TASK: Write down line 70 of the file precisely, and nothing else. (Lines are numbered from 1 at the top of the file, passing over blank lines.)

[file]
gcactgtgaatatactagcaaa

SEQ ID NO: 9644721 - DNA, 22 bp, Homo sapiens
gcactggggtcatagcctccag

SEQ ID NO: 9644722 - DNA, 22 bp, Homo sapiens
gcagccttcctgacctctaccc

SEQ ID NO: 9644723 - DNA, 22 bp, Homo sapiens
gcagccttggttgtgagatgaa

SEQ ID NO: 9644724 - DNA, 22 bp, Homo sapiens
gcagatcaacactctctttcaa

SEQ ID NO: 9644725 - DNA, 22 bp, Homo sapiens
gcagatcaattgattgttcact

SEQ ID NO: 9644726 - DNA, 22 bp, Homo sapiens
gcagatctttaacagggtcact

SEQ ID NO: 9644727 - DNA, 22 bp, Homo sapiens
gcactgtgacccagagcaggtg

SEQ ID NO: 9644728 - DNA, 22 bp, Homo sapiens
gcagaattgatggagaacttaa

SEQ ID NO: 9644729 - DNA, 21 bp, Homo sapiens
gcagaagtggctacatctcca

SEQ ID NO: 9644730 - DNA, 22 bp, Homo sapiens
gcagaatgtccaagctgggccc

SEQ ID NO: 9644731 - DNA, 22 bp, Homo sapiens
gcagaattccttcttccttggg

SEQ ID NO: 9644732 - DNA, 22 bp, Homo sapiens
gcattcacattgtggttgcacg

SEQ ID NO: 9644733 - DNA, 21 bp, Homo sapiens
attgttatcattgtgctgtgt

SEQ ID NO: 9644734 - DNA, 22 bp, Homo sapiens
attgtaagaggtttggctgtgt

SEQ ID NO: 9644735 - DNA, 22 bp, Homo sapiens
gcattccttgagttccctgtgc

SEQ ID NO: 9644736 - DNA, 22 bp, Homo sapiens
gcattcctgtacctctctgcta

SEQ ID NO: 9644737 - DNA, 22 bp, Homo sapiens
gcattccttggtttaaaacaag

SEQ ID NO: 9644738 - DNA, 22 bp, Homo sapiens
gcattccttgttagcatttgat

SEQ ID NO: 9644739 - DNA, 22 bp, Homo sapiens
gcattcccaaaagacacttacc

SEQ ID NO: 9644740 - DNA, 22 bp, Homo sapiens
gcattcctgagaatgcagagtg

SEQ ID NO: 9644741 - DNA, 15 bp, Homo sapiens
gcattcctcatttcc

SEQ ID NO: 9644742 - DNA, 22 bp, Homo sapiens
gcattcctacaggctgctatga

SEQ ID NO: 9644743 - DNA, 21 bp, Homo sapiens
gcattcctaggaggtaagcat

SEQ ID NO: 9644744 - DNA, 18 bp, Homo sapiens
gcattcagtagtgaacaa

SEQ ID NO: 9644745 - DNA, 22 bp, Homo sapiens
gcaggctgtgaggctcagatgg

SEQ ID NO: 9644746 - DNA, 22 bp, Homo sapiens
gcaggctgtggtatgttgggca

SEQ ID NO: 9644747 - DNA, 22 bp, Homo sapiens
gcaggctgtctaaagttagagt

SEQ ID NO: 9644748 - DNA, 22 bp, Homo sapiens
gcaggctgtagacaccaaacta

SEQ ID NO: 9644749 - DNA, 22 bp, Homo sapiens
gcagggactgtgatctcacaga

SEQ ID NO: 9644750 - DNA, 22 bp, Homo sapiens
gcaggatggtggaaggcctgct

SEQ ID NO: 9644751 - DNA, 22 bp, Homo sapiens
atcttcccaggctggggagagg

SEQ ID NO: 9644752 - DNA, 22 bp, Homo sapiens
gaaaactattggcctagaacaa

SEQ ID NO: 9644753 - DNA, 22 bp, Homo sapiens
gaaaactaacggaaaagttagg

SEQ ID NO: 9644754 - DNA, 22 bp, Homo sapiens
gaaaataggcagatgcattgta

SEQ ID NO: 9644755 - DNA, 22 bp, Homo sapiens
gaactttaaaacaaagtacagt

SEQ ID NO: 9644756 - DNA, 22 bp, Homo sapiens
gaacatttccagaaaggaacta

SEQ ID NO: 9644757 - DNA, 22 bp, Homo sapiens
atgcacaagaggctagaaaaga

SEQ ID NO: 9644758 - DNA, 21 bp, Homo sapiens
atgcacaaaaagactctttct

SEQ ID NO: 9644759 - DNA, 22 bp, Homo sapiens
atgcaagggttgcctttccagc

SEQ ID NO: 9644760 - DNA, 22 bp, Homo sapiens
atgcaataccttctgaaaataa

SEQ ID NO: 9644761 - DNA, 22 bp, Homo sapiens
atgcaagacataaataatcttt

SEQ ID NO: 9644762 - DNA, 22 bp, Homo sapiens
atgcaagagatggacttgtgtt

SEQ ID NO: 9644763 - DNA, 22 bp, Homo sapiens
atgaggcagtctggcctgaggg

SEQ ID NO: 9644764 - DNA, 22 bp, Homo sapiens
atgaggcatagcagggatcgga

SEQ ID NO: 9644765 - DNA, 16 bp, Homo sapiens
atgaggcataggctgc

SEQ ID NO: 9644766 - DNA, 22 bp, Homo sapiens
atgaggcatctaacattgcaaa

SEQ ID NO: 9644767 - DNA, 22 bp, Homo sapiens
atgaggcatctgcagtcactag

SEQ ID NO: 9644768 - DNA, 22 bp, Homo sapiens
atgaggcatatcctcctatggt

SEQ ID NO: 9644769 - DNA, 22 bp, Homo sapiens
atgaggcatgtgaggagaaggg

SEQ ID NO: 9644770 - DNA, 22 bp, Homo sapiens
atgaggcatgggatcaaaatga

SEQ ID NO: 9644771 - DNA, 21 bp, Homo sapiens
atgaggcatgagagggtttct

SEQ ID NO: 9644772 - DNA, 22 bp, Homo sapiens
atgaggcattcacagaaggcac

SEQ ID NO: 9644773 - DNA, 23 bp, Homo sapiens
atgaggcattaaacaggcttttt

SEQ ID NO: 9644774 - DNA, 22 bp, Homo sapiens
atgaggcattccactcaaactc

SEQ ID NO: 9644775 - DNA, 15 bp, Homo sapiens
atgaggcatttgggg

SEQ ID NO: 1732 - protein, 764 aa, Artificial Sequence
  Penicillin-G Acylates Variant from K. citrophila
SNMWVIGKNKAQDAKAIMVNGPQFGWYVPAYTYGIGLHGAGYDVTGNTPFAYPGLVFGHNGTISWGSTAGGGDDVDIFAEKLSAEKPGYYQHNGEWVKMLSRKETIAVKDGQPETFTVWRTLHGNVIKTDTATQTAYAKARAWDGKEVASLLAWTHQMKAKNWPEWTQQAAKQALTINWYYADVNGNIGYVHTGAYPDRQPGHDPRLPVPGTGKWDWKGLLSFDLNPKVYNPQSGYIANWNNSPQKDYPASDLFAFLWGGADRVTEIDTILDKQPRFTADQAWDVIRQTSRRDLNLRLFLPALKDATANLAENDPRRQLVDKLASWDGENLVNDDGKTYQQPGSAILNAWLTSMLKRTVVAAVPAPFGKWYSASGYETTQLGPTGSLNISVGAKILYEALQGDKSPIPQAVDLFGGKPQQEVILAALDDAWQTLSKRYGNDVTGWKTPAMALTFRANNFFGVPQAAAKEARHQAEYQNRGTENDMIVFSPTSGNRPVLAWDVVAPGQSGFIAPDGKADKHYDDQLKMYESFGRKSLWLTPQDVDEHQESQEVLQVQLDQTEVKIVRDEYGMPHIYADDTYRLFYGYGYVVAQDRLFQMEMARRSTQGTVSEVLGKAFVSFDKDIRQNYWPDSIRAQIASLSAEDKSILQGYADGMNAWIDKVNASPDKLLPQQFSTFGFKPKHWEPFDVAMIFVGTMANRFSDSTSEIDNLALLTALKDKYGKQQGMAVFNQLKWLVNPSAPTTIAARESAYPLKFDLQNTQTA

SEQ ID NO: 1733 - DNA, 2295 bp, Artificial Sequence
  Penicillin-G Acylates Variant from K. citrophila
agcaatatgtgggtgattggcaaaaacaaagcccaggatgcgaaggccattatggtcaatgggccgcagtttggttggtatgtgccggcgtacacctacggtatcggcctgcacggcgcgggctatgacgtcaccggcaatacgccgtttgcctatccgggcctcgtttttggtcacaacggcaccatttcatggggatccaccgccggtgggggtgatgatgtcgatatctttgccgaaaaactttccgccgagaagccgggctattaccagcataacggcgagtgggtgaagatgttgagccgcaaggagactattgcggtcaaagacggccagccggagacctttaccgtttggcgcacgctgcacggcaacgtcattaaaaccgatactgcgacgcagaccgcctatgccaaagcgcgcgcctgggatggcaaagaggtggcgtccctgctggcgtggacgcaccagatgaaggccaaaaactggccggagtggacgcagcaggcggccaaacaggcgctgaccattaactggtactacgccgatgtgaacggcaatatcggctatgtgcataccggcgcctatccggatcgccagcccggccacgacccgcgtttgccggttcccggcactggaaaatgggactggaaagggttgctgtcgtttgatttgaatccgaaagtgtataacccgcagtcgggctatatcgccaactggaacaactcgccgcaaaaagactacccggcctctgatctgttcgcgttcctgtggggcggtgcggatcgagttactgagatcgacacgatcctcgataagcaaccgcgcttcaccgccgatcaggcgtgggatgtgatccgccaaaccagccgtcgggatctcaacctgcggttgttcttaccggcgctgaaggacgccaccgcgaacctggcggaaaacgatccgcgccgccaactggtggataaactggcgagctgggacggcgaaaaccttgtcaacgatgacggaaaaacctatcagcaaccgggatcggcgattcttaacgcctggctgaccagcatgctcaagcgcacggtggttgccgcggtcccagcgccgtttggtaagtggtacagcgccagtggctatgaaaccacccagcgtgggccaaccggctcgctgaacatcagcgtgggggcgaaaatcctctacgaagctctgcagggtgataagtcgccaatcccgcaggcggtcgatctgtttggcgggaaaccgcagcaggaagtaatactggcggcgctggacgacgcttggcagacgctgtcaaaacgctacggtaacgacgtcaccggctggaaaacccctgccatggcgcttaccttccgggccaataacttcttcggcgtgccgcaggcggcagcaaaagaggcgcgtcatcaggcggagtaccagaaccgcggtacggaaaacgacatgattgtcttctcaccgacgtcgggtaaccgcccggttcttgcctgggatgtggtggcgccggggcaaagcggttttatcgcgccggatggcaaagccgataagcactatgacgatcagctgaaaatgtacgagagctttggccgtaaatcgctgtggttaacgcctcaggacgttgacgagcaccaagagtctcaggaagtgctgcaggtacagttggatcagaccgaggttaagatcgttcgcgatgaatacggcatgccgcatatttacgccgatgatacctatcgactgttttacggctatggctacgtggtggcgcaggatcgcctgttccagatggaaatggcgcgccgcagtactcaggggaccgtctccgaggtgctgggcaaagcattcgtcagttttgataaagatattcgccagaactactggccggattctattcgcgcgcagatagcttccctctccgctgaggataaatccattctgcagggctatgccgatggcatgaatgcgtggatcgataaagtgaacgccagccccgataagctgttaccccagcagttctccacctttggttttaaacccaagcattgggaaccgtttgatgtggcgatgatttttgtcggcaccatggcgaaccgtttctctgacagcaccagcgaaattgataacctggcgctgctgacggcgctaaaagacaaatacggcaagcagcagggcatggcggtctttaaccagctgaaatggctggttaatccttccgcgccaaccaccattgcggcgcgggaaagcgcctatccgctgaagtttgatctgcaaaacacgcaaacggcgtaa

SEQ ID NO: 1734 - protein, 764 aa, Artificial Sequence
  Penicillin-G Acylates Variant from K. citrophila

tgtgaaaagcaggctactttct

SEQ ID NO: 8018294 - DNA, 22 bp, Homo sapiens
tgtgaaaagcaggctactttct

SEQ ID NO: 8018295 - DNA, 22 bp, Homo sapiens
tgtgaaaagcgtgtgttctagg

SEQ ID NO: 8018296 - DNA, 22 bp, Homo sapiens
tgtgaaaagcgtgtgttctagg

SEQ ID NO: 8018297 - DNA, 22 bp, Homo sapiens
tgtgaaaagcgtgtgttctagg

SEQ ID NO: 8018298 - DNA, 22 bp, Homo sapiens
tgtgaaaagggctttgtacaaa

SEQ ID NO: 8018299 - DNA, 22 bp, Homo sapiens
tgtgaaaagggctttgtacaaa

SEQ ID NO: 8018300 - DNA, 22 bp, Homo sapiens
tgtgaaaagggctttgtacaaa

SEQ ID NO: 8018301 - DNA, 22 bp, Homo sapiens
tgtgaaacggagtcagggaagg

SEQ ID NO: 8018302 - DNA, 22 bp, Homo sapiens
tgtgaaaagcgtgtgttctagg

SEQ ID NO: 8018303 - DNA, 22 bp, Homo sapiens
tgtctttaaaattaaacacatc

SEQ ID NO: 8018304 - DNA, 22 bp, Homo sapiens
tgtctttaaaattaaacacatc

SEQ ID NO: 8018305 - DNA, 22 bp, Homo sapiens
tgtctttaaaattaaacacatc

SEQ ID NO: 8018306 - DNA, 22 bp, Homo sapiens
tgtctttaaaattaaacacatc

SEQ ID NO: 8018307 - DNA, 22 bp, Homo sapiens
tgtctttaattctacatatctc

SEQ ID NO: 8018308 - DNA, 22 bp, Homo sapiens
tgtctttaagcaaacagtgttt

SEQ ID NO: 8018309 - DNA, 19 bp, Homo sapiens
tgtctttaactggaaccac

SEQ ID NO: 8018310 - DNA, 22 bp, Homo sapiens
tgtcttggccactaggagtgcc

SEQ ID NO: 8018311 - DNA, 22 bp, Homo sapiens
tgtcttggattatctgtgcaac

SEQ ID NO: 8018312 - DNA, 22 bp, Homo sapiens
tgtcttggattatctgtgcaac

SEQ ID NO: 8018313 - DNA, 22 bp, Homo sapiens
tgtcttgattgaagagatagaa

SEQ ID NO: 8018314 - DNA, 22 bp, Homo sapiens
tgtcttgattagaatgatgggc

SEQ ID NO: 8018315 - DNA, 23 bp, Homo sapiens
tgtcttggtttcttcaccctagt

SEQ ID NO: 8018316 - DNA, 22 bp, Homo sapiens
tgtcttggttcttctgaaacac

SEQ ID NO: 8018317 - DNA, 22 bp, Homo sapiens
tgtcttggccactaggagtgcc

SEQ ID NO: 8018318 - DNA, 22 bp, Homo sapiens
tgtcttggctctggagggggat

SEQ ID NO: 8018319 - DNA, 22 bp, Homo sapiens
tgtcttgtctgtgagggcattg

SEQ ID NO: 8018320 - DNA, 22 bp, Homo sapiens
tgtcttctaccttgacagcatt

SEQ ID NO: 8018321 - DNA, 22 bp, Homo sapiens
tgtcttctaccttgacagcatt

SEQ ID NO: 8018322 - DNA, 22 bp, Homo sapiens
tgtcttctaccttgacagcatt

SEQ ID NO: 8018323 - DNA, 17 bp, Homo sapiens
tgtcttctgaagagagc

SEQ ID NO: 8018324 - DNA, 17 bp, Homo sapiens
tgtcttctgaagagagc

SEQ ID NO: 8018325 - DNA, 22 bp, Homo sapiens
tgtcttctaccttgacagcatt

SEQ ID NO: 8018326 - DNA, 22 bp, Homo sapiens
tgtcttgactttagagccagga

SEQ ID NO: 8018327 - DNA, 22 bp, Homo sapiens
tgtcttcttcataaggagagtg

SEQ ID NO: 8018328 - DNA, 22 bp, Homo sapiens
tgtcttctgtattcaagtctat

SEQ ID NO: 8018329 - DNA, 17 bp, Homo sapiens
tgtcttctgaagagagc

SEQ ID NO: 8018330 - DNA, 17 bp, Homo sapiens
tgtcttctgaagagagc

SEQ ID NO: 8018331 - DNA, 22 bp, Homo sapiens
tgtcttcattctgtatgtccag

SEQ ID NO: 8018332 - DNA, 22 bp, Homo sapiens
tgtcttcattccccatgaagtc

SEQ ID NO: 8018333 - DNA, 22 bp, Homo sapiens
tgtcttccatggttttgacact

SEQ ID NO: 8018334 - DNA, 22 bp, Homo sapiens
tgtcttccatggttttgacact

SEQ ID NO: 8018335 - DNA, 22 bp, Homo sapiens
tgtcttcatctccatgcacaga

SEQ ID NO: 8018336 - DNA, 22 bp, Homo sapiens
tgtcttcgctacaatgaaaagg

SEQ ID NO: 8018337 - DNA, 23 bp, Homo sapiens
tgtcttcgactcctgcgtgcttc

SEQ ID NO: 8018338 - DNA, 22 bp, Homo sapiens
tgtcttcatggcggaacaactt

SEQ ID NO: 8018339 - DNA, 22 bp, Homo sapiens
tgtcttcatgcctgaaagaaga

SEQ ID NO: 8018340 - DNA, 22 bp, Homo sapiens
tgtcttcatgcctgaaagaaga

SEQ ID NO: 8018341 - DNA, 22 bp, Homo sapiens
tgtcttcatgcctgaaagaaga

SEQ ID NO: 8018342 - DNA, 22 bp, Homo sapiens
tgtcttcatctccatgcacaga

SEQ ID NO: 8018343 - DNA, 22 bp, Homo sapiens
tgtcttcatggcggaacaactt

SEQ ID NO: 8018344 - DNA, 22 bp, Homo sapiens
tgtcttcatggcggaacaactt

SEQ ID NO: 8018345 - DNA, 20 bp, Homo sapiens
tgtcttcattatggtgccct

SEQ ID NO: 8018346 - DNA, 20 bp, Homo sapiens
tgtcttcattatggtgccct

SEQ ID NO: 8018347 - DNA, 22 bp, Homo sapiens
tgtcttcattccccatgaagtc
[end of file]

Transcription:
SEQ ID NO: 9644755 - DNA, 22 bp, Homo sapiens